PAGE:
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External coaches provide reflection and development
I remember the first time I had my own coach. Of course, I’ve had a variety of coaches throughout my career – including those managers and mentors that have coached me through the various roles and responsibilities I’ve held. But I’m not talking about those coaches. I’m talking about the first time I had my own “third-party” coach from outside my company.
First, let me say how refreshing this experience was. In the past, having a coach almost had a negative stigma but at the time I received this opportunity, the tide was turning as organizations and individuals realized the power of coaching as a proactive development approach.
Looking back on the first experience, I didn’t have a lot of knowledge, really, of what the coaching process was or how I should best leverage my coach. My coach was there to help me develop and apply the skills I learned while originally being certified to facilitate The Coaching Clinic®. That was many, many years ago (just this week, I am going to be re-certified for Version 6 of The Coaching Clinic!)
Knowing what I know now, I’ve learned how my organization – and I – could have better leveraged the coaching engagement even before I had a coach.
Here are three primary factors to consider when selecting coaches for your organization or for yourself:
Understand what coaching is and what it is not
Coaching is not mentoring, managing, counseling or therapy, and it is not telling–it's a tool to develop leaders. If you want someone to help you find the answers and actions to your challenges and goals that you most likely already have within you, an external coach is often the best blend of skill and experience to do that. A coach will ask questions that will enable you to think with a different perspective. A coach, grounded in a relationship of trust, will gift you with insight to move more confidently forward toward your goals and dreams.
Make sure the coach is the right fit
In the FlashPoint approach, we’ll typically set up a meeting between the coachee, the coachee’s manager/stakeholder, and at least two potential coaches. Prior to this short meeting, the coachee prepares questions to ask. After both the coach and coachee share their respective background and experience, the meet and greet discussion document provided by FlashPoint includes questions about the coach’s work history, experiences, and approach to coaching.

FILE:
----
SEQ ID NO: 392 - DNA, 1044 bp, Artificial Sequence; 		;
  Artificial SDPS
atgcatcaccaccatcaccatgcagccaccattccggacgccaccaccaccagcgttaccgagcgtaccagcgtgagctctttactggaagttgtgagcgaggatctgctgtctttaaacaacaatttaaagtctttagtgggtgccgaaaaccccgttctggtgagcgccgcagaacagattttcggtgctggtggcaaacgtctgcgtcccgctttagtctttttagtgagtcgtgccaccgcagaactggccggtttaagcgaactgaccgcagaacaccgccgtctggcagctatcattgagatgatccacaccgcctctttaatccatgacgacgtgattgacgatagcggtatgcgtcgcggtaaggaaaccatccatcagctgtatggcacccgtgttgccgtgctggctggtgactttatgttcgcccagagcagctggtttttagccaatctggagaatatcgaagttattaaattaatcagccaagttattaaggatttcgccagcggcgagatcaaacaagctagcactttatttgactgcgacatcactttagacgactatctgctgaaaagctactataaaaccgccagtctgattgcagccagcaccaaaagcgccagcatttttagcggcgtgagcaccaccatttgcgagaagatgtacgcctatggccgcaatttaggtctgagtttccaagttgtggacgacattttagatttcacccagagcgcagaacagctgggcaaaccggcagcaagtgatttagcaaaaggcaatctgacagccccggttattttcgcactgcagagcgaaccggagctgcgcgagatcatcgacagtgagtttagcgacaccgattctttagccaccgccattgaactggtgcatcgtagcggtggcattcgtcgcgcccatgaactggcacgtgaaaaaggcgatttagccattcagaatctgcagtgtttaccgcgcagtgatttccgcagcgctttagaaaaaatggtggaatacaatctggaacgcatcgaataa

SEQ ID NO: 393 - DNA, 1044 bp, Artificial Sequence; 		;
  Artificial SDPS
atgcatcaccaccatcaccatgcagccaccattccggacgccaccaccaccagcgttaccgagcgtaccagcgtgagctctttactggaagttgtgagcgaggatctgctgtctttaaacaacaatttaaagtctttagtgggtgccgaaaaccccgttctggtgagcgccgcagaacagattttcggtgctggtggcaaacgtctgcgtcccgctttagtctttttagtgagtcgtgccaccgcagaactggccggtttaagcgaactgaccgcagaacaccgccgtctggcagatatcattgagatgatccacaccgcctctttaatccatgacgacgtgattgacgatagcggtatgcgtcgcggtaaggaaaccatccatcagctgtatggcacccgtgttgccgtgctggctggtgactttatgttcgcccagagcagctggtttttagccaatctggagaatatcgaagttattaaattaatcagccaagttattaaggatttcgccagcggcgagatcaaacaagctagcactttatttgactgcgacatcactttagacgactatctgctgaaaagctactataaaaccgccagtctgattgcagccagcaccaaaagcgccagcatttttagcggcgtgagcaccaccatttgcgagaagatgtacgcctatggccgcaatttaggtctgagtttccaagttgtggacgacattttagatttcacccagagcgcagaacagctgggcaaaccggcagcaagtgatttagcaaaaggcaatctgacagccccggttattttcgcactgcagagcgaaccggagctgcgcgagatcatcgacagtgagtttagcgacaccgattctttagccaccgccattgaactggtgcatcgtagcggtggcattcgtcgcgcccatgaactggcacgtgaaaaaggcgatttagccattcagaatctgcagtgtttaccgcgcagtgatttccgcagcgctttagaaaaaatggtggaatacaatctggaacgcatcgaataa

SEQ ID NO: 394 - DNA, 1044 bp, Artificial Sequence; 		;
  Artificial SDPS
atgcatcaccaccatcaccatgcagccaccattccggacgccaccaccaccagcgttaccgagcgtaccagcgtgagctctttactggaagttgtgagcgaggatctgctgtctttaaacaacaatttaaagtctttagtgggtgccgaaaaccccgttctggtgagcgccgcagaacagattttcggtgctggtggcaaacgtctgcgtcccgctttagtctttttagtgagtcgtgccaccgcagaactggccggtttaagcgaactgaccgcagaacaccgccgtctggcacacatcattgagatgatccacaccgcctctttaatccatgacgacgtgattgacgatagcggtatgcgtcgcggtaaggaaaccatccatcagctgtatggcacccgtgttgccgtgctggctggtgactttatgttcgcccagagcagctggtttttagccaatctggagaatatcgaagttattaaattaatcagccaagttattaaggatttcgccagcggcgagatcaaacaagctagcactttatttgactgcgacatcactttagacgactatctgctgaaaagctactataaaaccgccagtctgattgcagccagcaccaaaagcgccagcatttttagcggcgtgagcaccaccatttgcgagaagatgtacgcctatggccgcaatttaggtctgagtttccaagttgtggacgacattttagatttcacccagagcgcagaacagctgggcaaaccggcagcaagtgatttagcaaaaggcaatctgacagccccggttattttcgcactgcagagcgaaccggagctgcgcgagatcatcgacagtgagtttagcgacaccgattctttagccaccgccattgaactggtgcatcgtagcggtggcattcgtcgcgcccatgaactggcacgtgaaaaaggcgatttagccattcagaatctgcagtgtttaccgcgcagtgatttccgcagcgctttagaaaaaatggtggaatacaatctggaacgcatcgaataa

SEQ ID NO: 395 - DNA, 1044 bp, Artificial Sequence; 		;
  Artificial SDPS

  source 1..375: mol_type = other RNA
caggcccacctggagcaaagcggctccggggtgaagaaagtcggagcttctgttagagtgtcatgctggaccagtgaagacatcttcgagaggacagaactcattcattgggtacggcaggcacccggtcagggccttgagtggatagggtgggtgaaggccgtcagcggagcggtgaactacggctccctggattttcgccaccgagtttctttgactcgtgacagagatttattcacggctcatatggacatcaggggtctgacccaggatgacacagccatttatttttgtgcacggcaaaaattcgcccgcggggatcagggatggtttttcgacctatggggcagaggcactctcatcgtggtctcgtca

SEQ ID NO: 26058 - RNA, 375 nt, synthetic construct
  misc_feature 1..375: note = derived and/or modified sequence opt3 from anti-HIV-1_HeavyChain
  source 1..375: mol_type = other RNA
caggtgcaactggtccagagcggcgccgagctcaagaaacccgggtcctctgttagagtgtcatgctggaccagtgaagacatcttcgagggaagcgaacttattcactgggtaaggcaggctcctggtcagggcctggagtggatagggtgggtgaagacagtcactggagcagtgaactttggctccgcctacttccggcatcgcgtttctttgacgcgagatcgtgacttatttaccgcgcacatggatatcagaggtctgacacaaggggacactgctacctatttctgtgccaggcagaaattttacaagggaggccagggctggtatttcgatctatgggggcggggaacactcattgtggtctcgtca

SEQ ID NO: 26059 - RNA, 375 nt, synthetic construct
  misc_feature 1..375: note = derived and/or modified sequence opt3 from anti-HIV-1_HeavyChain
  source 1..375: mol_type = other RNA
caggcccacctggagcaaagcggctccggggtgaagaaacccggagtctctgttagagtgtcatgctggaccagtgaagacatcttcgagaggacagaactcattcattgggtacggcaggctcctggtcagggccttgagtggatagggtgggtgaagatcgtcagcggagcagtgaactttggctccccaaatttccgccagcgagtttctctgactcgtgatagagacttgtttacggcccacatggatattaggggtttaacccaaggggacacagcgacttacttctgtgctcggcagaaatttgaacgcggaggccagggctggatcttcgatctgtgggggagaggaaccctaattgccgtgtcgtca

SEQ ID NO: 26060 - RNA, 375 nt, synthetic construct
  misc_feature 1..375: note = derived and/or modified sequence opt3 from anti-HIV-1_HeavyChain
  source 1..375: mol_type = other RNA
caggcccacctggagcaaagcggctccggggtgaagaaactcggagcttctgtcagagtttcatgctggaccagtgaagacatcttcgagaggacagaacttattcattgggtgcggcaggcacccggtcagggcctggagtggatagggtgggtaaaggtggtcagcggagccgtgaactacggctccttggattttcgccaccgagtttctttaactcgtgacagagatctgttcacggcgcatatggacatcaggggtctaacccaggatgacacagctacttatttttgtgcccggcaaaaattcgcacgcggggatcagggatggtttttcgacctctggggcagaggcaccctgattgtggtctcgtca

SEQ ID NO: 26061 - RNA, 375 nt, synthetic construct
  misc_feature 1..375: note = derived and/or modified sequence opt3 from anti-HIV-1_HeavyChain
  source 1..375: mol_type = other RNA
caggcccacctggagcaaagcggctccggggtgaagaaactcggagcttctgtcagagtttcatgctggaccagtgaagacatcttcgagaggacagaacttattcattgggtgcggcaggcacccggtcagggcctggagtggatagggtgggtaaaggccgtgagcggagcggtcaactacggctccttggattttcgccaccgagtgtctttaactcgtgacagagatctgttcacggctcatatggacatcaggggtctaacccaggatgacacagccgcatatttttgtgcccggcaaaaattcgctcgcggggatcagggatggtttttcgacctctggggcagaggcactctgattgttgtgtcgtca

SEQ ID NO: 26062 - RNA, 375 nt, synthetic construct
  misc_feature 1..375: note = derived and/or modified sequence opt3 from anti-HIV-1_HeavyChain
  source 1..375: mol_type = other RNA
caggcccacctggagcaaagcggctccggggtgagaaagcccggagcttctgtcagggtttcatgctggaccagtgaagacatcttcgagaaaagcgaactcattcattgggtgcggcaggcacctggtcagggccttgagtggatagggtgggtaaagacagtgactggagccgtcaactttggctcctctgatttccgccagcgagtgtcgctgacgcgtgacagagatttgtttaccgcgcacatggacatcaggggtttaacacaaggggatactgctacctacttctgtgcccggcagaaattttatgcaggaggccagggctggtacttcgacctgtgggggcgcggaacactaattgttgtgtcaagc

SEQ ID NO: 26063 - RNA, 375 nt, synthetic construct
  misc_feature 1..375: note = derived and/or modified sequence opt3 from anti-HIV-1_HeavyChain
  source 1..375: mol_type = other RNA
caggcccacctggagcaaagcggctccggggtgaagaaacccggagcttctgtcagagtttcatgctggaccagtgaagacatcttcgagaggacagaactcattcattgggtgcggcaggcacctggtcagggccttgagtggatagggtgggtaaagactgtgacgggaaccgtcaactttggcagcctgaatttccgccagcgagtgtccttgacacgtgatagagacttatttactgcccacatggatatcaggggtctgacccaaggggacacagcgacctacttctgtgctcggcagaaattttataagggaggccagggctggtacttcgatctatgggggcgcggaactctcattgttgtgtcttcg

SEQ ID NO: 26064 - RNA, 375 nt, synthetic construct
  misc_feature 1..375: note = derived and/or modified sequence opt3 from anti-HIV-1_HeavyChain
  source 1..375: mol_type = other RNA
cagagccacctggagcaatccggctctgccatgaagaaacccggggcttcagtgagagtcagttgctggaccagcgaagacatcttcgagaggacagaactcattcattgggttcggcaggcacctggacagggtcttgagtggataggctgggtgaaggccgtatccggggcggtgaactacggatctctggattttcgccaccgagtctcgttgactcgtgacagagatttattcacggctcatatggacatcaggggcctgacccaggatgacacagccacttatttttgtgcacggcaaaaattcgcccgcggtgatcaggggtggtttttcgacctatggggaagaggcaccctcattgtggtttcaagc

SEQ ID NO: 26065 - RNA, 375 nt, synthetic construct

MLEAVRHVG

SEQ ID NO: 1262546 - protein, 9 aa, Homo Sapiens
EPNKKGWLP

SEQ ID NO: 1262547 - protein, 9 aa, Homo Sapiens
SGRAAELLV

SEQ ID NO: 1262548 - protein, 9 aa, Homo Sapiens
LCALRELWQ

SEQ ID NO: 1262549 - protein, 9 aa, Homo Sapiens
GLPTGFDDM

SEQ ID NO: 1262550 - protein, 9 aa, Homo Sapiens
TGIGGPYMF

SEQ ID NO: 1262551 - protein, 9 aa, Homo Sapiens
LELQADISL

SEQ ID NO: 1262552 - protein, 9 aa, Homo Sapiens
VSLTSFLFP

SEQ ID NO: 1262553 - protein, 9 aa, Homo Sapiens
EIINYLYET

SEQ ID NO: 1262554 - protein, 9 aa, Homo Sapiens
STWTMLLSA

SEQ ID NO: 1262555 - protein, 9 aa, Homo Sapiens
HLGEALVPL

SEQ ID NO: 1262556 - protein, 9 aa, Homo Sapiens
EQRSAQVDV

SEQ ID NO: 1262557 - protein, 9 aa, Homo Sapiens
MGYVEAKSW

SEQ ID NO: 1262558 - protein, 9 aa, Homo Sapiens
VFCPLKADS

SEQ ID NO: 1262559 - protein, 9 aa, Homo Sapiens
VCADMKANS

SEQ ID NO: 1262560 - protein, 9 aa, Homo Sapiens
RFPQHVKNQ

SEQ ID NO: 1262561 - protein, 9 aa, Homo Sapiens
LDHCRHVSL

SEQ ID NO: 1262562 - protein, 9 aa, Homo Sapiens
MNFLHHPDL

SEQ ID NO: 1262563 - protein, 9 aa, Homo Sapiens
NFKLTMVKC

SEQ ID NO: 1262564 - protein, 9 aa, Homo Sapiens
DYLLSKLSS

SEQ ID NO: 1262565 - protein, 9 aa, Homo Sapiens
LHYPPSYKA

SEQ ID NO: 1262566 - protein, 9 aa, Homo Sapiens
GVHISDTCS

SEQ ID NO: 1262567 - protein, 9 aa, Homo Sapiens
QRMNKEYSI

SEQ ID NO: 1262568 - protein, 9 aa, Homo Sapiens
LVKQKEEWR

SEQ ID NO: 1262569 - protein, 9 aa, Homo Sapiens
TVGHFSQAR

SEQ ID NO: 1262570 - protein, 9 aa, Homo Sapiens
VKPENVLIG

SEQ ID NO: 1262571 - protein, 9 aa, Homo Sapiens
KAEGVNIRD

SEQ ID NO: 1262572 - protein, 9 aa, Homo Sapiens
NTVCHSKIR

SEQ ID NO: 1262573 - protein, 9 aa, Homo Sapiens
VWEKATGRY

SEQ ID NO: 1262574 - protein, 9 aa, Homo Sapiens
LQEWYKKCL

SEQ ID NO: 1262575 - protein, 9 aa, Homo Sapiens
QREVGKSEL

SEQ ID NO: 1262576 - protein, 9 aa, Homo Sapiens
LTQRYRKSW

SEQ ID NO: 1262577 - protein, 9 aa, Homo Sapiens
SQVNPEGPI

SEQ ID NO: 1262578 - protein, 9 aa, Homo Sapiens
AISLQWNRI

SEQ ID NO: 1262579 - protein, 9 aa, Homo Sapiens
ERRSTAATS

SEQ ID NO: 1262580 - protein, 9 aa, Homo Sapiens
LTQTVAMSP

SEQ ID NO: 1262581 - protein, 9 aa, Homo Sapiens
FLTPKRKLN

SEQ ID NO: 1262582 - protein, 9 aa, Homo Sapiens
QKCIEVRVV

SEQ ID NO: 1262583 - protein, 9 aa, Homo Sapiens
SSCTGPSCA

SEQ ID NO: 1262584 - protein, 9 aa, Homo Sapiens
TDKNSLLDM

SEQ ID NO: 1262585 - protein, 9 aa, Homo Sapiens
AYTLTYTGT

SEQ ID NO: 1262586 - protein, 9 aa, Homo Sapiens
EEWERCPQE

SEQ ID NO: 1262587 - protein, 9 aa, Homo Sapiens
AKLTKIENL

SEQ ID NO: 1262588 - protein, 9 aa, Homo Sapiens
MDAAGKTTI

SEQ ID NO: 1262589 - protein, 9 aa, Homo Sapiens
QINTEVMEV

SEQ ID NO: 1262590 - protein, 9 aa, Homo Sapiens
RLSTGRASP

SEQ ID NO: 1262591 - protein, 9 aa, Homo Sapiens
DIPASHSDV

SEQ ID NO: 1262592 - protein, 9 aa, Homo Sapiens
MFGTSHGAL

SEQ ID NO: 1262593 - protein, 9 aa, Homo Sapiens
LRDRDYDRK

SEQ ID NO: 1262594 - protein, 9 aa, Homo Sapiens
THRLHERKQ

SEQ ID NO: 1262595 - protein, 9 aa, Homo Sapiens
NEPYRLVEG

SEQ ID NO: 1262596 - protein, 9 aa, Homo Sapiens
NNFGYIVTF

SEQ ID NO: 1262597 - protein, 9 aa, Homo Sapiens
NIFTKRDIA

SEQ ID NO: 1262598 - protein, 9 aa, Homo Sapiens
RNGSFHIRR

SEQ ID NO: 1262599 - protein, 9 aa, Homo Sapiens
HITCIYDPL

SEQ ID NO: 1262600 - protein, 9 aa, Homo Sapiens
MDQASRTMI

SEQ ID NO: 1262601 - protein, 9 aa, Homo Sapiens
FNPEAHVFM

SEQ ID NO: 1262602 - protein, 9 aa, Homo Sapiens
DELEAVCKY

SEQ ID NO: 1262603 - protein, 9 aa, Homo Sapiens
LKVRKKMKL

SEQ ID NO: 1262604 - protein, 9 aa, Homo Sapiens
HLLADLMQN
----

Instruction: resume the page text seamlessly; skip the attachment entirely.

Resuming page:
Sometimes a coaching relationship doesn’t click…and that’s okay! This relationship is so critical and is often the determining factor in success for a coachee. Making a change, preferably before a coaching engagement starts, is a good practice if it feels like it may not work from the onset.
Consider experience…or don’t
Imagine this: You’re participating in The Coaching Clinic and learning the process, structure, and approach to coaching. You then get to practice this approach through about seven or eight coaching sessions with your fellow participants within the clinic. You’re coaching to real scenarios and challenges your fellow participants have. However, if you don’t work in that area and have little exposure to that particular challenge, you can find it difficult to coach – even in a practice session – because you don’t know how to direct that person. I’ve heard participants saying they’re not sure they can coach this person because they nothing about the coachee’s situation nor do they have the technical skills needed to provide advice.
And that is exactly one of the most powerful tools of being a coach. Not having that experience or knowledge requires the coach to not give advice, but rather to ask questions – and deeper questions – to help that coachee find the answers for him/herself, or the resources needed to get there.
Think about it: If you provide the answer, who owns that solution? Not having the experience and knowledge is often an advantage in a coaching conversation. Experience and knowledge-sharing typically define a mentoring relationship, which has its place as well. But it’s not coaching.
When assessing an external coach, you can and should also consider the following:
- Style of the coach. It doesn’t need to match the coachee’s style – it’s often a benefit if it does not!
- Peer vs. power relationship. Your coach should be partnering with the coachee as a peer would. The coach does not have “power” over the coachee, in any way, shape, or form.
- Challenge vs. personality. Sure, it’s okay to like your coach. But a likeable coach must also be one who challenges you, stretches you to go in a different direction, and calls out your hesitation or inaction as appropriate.
- Trust and openness. Nothing works unless you completely trust your coach to be open with him or her. Having this honest relationship allows the coachee to express possibilities that they may have been apprehensive about sharing in the past. And THAT’S when the magic starts to happen.
I was blessed to have an amazing coach in my first experience, leading me to the previously unthinkable possibility that I could someday be a coach too. While I didn’t have the advantage of thinking through these considerations and factors above, I lucked out.
Today, there is no need to rely on luck. By researching your coach ahead of time, considering the coach’s skills and knowledge needed, and having a pre-engagement discussion with a potential coach, you will have the ingredients in place to create a successful, productive, life-changing experience.